Does My Cat Have Separation Anxiety?

CatChannel behavior expert Marilyn Krieger discusses ways to ease cat anxiety and boredom

By Marilyn Krieger | Posted: January 15, 2010, 3 a.m. EST

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Q: I adopted my 8-year-old cat, Kelly, about seven years ago from a shelter in Phoenix.  Kelly’s an only child right now; previously she had a rabbit and another cat as roommates. Due to my roommates moving out, she is now alone.
Lately she has become more vocal in her daily activities.  She has always howled at the wall or pictures on the wall. She appears to be annoyed that I am gone at times for long periods of the day. I try to stop by after work and before going to class, but sometimes that is not feasible for me to do.

She always gets love and scratches the minute I get home.  But I still get the attitude and vocalized complaints when I get there!  It starts from the minute I put the key into the lock! I can hear her on the other side meowing.
I was wondering if she is bored and lonely and if getting another "friend" for her would be the answer, or if she is just complaining because she can?

A: Kelly may be exhibiting separation anxiety or she may be bored. But before determining that this is a behavior issue, I recommend that you take Kelly to your vet for a check-up. There are some diseases and medical conditions that can cause cats to loudly vocalize and to howl.

If she does have a behavior problem, there are a variety of activities you can do to help her become a well-adjusted, happy cat. Finding her a new buddy is one possibility. Enhancing her environment by providing her with lots of interactive toys and places to climb and hide in will help as well. She will appreciate tall cat trees that are placed next to windows so she can check out the neighborhood. Toys such as TurboScratchers and puzzle boxes will also keep her occupied. 

When leaving in the morning, put the pajamas you slept in the night before in the areas Kelly usually naps in. Your smell will help reassure her that you haven’t abandoned her. You can also help ease her separation anxiety with a treat ball into which you record your voice. Every time Kelly rolls it in order to access a treat, she will hear you telling her what a wonderful, perfect cat she is.

Keeping a consistent schedule with her will also help. If possible, have times set aside every day when you do things with her that she enjoys such as playing, grooming and feeding her delicious, healthy food. She will look forward to these special times with you.

If you do decide to introduce a new friend to Kelly, choose a buddy who has the same energy level as she does and who enjoys the company of other cats. The introductions need to be done very slowly. Keep them separated while you gradually introduce them to each other through scent exchanges and other enjoyable activities.

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Does My Cat Have Separation Anxiety?

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Reader Comments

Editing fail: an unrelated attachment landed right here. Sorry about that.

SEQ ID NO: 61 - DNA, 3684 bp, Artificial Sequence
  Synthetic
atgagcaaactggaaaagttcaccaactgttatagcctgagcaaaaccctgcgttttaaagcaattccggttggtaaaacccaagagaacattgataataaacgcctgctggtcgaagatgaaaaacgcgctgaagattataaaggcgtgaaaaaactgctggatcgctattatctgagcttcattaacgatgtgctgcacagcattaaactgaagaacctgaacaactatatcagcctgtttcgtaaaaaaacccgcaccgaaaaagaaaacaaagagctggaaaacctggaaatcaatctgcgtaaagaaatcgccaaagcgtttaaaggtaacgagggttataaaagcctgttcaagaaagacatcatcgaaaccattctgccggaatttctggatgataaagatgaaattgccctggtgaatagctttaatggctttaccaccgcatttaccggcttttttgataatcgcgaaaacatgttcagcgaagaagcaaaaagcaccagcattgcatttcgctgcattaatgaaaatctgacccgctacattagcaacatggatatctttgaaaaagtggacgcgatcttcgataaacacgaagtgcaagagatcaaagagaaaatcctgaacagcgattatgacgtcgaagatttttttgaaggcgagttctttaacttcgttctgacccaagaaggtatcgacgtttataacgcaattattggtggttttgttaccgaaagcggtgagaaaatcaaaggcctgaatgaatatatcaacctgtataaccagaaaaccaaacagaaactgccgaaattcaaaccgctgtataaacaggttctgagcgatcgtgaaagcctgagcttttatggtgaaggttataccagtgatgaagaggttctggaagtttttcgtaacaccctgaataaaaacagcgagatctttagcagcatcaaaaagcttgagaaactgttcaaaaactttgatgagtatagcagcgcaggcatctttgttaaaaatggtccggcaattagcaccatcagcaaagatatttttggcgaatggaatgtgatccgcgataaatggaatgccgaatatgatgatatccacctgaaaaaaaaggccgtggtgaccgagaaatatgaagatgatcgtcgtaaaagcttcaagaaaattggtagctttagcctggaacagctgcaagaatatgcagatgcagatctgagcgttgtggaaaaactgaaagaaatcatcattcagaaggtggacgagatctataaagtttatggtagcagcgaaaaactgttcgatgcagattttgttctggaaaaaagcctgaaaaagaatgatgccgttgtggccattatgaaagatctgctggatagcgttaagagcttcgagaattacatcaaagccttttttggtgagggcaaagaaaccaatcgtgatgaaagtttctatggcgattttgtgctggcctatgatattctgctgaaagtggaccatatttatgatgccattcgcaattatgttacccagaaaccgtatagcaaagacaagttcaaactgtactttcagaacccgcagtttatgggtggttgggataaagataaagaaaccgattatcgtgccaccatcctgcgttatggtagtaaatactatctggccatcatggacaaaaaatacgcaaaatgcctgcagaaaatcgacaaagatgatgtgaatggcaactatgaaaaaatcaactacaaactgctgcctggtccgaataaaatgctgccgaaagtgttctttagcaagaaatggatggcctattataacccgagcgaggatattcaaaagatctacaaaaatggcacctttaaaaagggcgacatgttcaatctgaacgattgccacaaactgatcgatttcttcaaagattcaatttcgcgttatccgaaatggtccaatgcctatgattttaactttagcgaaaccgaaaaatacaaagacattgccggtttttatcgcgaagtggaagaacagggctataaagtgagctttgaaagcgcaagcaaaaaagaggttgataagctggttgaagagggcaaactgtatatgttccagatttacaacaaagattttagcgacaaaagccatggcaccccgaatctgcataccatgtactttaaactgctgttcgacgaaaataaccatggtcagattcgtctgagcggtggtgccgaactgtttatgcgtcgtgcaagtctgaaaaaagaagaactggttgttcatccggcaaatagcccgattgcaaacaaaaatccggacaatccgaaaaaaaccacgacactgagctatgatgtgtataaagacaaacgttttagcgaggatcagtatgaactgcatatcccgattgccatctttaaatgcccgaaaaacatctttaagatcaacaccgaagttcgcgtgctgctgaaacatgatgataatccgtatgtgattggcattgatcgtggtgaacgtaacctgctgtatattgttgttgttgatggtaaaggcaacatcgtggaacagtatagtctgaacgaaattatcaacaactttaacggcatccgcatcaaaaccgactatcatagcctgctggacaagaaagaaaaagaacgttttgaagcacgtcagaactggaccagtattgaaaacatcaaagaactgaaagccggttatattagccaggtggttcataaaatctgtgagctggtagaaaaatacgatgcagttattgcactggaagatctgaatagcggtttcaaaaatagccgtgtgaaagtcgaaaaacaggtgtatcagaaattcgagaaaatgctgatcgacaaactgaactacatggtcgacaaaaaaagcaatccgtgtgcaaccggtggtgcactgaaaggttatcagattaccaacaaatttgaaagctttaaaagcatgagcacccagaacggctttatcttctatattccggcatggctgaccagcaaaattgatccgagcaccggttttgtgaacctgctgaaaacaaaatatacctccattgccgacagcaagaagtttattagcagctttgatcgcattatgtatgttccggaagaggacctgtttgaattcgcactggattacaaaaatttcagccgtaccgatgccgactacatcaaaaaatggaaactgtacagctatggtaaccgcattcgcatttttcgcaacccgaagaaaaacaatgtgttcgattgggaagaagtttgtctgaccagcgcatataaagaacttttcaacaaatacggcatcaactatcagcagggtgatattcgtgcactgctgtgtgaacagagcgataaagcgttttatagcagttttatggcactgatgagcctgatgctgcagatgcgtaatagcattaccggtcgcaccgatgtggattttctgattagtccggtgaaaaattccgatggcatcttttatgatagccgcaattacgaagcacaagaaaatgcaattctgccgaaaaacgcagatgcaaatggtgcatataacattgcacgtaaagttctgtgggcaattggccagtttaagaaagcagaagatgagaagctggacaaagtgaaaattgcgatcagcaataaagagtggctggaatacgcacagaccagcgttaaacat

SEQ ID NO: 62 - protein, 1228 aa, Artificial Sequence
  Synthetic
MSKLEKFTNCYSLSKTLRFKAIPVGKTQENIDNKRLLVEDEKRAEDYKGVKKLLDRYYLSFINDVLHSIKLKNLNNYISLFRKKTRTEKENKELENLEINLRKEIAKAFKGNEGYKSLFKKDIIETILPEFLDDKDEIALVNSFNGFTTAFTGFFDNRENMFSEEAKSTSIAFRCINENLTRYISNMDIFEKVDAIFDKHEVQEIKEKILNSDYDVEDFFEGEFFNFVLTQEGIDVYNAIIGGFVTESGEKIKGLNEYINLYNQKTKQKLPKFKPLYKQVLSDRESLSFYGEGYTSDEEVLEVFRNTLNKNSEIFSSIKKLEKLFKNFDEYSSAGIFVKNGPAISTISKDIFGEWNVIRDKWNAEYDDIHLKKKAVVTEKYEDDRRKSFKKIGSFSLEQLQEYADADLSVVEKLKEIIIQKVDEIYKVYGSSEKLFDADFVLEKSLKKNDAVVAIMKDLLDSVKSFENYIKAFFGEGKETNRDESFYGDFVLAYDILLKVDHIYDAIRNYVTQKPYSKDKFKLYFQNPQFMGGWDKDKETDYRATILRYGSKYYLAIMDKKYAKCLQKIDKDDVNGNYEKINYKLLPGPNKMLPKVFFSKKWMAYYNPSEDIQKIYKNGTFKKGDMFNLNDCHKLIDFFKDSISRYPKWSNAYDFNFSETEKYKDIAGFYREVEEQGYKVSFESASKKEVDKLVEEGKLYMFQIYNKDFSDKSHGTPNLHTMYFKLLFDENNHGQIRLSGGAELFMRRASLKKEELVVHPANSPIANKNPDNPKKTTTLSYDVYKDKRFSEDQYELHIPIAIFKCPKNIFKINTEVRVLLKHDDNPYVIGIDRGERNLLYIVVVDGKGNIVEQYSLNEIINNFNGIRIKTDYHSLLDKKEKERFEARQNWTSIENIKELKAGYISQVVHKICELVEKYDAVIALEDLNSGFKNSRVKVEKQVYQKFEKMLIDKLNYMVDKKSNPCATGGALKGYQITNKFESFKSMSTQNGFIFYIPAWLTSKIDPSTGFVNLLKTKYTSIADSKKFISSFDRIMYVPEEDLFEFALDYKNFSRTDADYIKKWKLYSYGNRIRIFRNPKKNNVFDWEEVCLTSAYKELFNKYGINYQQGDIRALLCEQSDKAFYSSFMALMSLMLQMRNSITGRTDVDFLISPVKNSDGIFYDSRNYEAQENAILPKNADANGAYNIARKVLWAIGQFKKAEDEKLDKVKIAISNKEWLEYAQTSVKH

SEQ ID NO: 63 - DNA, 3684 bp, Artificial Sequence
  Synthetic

Nina    International

8/20/2014 5:36:22 PM

My female cat (Lala) starts meowing at exactly 6 a.m when I wake up. It's a loud and annoying meow. My roommate says she keeps meowing even after I leave home (7 a.m). I adopted her mother when I was a kid and then kept Lala, the other 6 kitties I gave to some relatives. She's a very affectionate cat and needs lots of attention, especially now. The thing is, I just recently moved back home with Lala (I lived overseas for almost a year and could not bring her with me so I left her with my brother). Now that I'm back she's all over me and can't deal with me being away. She's also very afraid of other humans and/or cats. So I guess getting her a new buddy is not an option. What can I do? She needs to stop meowing at 6 a.m. It's driving me crazy.

Susan    London Ontario, ON

9/18/2010 2:49:34 PM

Yes, definitely cats get separation anxiety! Humans and their own buddies. I have several instances to support my opinion. When it is their own buddies, the outcome can be ugly and sad.

gretchen    tampa, FL

6/17/2010 4:42:18 PM

My cat is 2 years old. We got him as a stray when he was 6 months old. He was very jumpy and scared of everything at first. He also sucked on any blanket he could find. Vet said he was taken from his mother too soon. He also does the howling with his stuffed bear in his mouth. He seems to do this bear thing when he is alone in a room, sees someone leave the house in a car or at night when we are upstairs asleep. When we call him he will stop and run up the stairs like he is suprised that we are there. He also has a "relationship" with his bear even though he has been nutered. The vet says that this behavior is about power over the bear. I think that it also has to do with separation anxiety, because he always comes to us when we call him. We got him a buddy too, but it didn't help he still does the same thing. We love him and give him lots of attention when we are home with him too.

Nicole    atco, NJ

6/17/2010 10:36:32 AM

I have a 1 yr. old cat that we adopted in September 2009 when he (Cole) was 3 months old. We adopted his sister too. We also have an 10 yr. old cat. He often walks around the house with my sock in his mouth, meowing. Sometimes he will do it without a sock. Sometimes it happens when I am watching TV, and other times it is when it is time for me to go to bed. Why does he do this? Is he sad, hurt? We are right there with him and he has 2 other cats to play with. Confused, just want to make sure he is alright? Who ever said cats don't need much attention, don't know what they are talking about. Mine require alot of attention.

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